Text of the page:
Sunday, 19 July 2015

Art Review: J.M.W. Turner: Painting Set Free, De Young Museum, San Francisco

This week, the Secret Victorianist was in San Francisco and took the opportunity to see J.M.W. Turner: Painting Set Free, the first major survey of nineteenth-century painter Turner’s late works (1835-1850), which is currently on view at the De Young museum in the city. The exhibition was originally on show at the Tate Britain in London and was at the J. Paul Getty Museum in Los Angeles earlier in the year.
Mercury and Argus (pre-1836)
Known for his unrivalled and extraordinary use of light and colour, Turner (1771-1851) was a leading, and controversial, artist in his day. His late works demonstrate his continued inventiveness, as he takes mythical and biblical incidents as subjects for artistic experimentation.

Regulus (reworked 1837)
Take his Mercury and Argus (pre-1836). Rather than as a hundred-eyed guard, Argus is represented as a small indistinct figure and Mercury has few of his usual visual signifiers. Meanwhile, only the small bell around Io’s neck sets her apart from her fellow cattle. For Turner, the idealised pastoral landscape is of greater interest than the mythic plot, although this scene’s bloody aftermath, if recalled, creates a keen point of imaginative contrast. The placement of the beam of light is also more than an excuse to experiment with the play of light. The sun suggests Zeus – the original reason for Io’s transformation. In Regulus (reworked 1837), it is unclear which of the figures is the doomed Roman general preparing to return to Carthage. Yet the blinding sun directly references the fate that will meet him there. 

The Departure of the Fleet (1850)
Similarly, in The Departure of the Fleet (one of the four scenes from Virgil’s Aeneid Turner displayed at his final Royal Academy exhibition in 1850), the figures representing Dido and Aeneas are unimportant – the focus is on the setting sun marking the end of their relationship and how it touches the city the Trojans are leaving behind, soon to be illuminated likewise by its queen’s pyre.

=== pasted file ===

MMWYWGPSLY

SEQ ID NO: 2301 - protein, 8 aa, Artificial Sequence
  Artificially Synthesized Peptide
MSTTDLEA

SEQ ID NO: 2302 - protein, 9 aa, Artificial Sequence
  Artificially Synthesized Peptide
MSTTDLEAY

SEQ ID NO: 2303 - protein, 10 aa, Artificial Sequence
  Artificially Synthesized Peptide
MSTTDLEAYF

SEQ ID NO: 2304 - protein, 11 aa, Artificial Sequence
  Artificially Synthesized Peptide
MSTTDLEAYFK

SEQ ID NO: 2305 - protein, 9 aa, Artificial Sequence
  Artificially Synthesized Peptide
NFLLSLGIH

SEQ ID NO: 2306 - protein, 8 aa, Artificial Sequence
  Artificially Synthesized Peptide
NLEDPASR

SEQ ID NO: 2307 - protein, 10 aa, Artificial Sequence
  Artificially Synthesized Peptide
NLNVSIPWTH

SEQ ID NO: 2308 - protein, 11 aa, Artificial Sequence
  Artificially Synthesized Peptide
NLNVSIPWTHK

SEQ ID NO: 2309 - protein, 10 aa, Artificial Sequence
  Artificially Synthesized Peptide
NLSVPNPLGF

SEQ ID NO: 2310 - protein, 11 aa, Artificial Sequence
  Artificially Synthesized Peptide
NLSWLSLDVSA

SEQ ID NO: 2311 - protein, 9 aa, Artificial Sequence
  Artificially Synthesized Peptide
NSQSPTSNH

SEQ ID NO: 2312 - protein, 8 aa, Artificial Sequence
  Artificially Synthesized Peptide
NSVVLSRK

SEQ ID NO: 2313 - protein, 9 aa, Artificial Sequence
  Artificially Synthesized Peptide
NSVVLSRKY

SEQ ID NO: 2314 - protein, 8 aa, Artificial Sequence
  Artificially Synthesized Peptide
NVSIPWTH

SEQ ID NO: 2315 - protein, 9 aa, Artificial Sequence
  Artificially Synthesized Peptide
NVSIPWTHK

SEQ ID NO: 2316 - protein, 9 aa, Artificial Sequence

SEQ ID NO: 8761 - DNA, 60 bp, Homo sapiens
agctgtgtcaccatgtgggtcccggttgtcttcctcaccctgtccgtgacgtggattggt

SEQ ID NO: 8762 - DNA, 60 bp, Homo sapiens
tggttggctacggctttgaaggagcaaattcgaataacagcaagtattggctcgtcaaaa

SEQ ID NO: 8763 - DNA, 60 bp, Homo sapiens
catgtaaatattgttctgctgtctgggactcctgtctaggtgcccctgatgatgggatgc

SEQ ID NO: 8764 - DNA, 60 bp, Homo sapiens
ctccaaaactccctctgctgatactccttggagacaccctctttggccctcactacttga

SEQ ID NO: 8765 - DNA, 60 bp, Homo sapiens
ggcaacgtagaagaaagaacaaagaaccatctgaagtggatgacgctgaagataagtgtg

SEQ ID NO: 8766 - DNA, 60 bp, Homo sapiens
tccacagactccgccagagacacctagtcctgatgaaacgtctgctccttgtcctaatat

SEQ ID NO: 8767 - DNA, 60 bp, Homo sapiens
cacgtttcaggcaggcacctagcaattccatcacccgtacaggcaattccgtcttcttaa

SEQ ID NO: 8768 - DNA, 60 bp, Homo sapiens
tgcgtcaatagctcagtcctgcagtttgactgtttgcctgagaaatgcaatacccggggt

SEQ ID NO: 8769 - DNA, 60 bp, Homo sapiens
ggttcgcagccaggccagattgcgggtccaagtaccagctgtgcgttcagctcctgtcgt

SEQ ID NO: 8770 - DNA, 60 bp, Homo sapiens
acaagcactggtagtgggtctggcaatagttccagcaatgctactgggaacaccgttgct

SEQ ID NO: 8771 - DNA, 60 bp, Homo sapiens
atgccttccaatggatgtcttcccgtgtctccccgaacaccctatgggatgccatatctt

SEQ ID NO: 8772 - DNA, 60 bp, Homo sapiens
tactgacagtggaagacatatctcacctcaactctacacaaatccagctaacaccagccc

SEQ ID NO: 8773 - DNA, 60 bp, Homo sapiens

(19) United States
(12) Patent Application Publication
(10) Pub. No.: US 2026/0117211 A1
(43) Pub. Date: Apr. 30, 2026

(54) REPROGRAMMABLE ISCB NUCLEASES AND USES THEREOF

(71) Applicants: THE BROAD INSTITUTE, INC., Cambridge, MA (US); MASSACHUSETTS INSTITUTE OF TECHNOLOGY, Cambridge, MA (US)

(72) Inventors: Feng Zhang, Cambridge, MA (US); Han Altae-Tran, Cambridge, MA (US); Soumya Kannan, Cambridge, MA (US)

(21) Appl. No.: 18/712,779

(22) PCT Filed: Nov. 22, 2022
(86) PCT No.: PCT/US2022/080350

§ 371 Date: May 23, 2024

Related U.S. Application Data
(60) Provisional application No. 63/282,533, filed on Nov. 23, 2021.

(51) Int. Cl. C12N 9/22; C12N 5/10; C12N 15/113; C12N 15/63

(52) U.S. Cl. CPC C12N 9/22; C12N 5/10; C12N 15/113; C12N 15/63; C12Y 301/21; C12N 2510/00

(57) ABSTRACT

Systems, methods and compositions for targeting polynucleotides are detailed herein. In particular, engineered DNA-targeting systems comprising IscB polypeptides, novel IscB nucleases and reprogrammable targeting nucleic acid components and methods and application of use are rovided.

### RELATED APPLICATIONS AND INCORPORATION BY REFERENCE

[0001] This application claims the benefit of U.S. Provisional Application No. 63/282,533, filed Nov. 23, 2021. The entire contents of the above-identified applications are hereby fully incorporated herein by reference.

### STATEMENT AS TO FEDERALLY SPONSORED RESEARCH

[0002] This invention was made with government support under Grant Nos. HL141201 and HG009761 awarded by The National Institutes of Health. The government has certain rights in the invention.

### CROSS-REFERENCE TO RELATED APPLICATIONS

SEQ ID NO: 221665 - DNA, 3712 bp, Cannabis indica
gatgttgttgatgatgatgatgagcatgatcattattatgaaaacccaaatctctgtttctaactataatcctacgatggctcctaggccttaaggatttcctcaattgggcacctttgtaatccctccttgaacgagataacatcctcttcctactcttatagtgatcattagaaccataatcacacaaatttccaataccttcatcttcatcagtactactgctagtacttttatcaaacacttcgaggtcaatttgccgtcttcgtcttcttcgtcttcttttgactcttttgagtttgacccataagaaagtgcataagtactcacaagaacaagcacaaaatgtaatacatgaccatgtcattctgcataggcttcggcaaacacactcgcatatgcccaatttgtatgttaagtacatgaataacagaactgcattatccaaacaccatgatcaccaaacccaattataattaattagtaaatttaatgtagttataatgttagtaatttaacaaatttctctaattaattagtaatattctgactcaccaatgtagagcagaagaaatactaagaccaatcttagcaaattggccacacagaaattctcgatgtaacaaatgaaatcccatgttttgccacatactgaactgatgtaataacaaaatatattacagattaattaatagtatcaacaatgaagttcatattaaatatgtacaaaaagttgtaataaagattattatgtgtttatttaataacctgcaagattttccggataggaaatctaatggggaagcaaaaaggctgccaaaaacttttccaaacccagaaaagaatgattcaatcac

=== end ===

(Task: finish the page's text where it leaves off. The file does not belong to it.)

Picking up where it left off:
Fire at the Grand Storehouse of the Tower of London (1841)
The exhibition also draws attention to Turner’s unusual working habits – his hasty watercolours Fire at the Grand Storehouse of the Tower of London, painted in 1841 as the fire raged, the significant changes he made to works during ‘Varnishing Days’ at the Royal Academy when other artists were only making the minutest of alterations to their paintings. There is no greater apocryphal story demonstrating Turner’s commitment to his work than that attached to Snow Storm: Steam-Boat off a Harbour’s Mouth (1841). Turner, then 67, claimed he was tied to the mast of the boat better to understand and capture the essence of a nocturnal storm.

Snow Storm: Steam-Boat off a Harbour's Mouth (1841)
The scale and quality of the exhibition is incredible and leaving Turner’s world behind can be a little stepping back outside into a light of a disappointing and less brilliant sun.

Peace - Burial at Sea (1842)
J.M.W. Turner: Painting Set Free is on display at the De Young Museum in San Francisco until September 20th - tickets for adults cost $20. Do you know any art exhibitions back in New York you think the Secret Victorianist might enjoy? Let me know – here, on Facebook or by tweeting @SVictorianist.

No comments:

Post a comment